Alexandros Sakkas, wine writer/ wine critic/ wine educator

19:40 A king from rags and patches.
Mary Frangaki, former TV producer; alternative tourism business owner.

20:00 Questions and answers

20:20 Jennifer Moody, Dr., Archaeologist, and Mariana Kavroulaki, independent researcher of the History of Greek Food and co-organizer of Symposium will conclude the work of the conference following the presentations, discussion of the papers and recommendations of those attending the conference.

21:00 Farewell dinner: From austerity to feast; Cretan cuisine tells its stories.

UPDATE: For a  peek at the topics being covered at the Symposium, please take a look at the  abstracts here.




When Macedonian Caranous gave his wedding banquet, early in the third century,  only 20 men attended as his guests. As soon as they had sat down, a silver bowl was given to each of them as a present.

When they had drunk the contents of the  bowls, then there was given to each of the guests a loaf  of bread on a bronze platter of Corinthian workmanship, of the same size; and chickens, ducks, pigeons, and a goose and lots of other items. Each guest took the food and gave it, platter and all,  to the slave who waited behind him. Many other elaborate dishes  were also served. And after them, another platter came, this one was made of silver, on which  was placed a large loaf, and on that geese and hares and kids, bread curiously made, and doves, and turtledoves, and partridges, and a great  abudance of many other kinds of birds.

After  some flute-playing women and musicians had played a prelude, other girls came in, each one carrying  two  bottles of perfume bound with a gold cord and they gave a pair to each of the guests.

Then a great treasure was brought in: a silver platter with a golden edge, and large enough to receive a roast piglet of huge size, lying on its back, showing his belly, stuffed with many delicious things: roasted thrushes, and paunches, and a most countless number of fig-peckers, and the yolks of eggs spread on the top, and oysters, and scallops.  And to every one of the guests were given these items, nice and hot, together with the platters.

But this was not the end of the banquet.

Many more items were brought until the serving time of the after- dinner tables: hot kid, roast  fishes,  Cappadocian bread, real Erymanthian boars  and rivers of wine.

Finally, the after-dinner tables: flat cakes – Samian types and Attic types-  Cretan gastrin, along with the special cake- boxes for each of the guests.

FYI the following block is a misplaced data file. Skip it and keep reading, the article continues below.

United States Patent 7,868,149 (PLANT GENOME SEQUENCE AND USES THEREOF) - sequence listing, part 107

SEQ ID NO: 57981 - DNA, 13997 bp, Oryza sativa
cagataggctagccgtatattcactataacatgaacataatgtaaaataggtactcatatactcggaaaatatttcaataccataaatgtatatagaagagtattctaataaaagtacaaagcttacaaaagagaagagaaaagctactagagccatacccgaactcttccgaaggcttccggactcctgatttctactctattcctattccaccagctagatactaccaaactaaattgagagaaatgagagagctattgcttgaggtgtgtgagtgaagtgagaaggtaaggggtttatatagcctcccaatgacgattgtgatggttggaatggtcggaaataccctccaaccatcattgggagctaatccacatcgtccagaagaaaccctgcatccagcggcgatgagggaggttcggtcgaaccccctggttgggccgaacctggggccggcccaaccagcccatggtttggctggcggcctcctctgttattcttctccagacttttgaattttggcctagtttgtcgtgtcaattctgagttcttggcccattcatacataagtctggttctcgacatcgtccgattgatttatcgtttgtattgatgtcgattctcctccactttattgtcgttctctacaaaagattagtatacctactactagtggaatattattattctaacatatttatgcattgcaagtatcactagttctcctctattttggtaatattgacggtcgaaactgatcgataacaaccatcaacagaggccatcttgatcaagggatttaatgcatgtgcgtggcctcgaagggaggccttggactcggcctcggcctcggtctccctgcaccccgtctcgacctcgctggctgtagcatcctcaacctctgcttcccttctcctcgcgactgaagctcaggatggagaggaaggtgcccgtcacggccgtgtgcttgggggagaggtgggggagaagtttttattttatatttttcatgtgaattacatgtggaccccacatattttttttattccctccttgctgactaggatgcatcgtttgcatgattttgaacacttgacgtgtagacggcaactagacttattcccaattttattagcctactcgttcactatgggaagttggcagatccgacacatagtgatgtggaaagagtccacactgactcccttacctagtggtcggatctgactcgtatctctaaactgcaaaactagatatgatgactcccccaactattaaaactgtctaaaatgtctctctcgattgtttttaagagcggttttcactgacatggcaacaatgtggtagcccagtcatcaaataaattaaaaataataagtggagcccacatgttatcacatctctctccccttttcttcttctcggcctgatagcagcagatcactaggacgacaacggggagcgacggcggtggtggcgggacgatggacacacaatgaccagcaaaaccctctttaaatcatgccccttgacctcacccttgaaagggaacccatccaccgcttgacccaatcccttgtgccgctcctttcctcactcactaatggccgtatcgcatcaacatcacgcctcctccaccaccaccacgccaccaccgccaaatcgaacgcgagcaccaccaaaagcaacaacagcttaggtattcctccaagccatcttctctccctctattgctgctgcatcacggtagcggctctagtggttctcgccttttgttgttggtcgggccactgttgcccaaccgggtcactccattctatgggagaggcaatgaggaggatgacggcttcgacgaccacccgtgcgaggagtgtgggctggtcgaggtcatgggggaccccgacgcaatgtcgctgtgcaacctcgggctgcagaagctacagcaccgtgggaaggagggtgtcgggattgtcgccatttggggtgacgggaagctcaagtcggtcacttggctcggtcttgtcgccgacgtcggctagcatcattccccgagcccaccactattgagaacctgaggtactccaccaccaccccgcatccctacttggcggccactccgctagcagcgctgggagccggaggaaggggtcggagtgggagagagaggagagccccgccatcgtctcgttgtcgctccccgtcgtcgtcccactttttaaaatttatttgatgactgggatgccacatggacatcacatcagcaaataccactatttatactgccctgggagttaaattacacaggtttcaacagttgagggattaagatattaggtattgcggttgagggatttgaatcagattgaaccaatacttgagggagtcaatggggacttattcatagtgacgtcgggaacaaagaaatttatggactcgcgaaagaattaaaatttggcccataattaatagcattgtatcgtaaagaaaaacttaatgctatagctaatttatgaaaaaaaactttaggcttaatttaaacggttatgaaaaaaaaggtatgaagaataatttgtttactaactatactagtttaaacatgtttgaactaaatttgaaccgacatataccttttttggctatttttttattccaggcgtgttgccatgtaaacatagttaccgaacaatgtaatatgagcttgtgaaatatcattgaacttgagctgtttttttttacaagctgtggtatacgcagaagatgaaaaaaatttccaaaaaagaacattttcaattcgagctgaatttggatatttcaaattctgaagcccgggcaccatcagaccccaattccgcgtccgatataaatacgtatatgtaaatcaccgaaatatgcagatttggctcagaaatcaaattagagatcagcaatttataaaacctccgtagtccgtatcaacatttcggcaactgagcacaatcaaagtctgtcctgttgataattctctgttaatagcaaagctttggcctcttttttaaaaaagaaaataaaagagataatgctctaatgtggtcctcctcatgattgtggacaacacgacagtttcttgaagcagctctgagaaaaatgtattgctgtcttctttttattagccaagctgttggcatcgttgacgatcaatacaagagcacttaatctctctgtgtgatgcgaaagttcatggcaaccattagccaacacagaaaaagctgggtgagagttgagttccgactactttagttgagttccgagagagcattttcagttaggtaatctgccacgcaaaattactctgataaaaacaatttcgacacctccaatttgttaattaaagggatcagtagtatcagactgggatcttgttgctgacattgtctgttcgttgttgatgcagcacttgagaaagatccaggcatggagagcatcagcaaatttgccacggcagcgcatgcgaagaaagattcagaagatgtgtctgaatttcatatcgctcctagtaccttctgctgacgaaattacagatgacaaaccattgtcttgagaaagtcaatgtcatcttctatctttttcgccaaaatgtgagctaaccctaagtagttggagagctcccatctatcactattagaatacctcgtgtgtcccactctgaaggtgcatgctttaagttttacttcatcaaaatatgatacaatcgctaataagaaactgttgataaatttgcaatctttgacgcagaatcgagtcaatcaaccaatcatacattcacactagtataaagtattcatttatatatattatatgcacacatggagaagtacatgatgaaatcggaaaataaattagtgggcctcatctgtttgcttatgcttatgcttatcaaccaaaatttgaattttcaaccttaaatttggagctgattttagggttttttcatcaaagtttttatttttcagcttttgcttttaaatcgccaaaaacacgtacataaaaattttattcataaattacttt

What a feast, indeed!  And what a plethora of ingredients and combinations for those who demanded (and could afford) the best, most extravagant,  most fashionable and ultimately most expensive foods.

You see,

after Alexander’s conquest Hellenistic civilization was spread through the E. Mediterranean and Near East.  Long distance trade between West and East expanded; crop varieties were exchanged;  new fruits were introduced and spices were imported from the East;  new foodways were imported  as well.


that wedding dinner  manifestates -among other things-  the dramatic changes of eating during  the end of fourth and the early part of  third century.

As  the Greek cities were dominated or governed by the Macedonias and  the successors of Alexander competed with each other in manifestation of magnificance and power,  those different foods and foodways became widely adopted by the elite. The wealthy had a large and gastronomically elaborate menu  in a style  influenced by  Macedonians, Persians and the polished Magna Grecia  that had reached a high degree of refinement.

Of course,

such dinners also  contributed to the display of the wealth.  Silver and golden platters, dancers, singers, gifts to the guests  etc. emphasize the manifestation of wealth rather than concern the food itself.

Of course,

the local cuisines of the Greek cities were considered old fashioned or old or simply poor .


it is worth pointing out that  two centuries later the availability of a great selection of herbs and spices and the wide range of their combinations  imply that Greeks did’t consider them extravagant anymore.  Obviously, they had become familiar with them.

A good example of the abundance and combinations of condiments is myma, a meat dish of the 1st century B.C.  Stirred into the meat and giblets were  13 herbs and spices-cheese was among them- and blood.

All these details show how far the Hellenistic people had developed the art of cooking.



can we recreate Hellenistic recipes?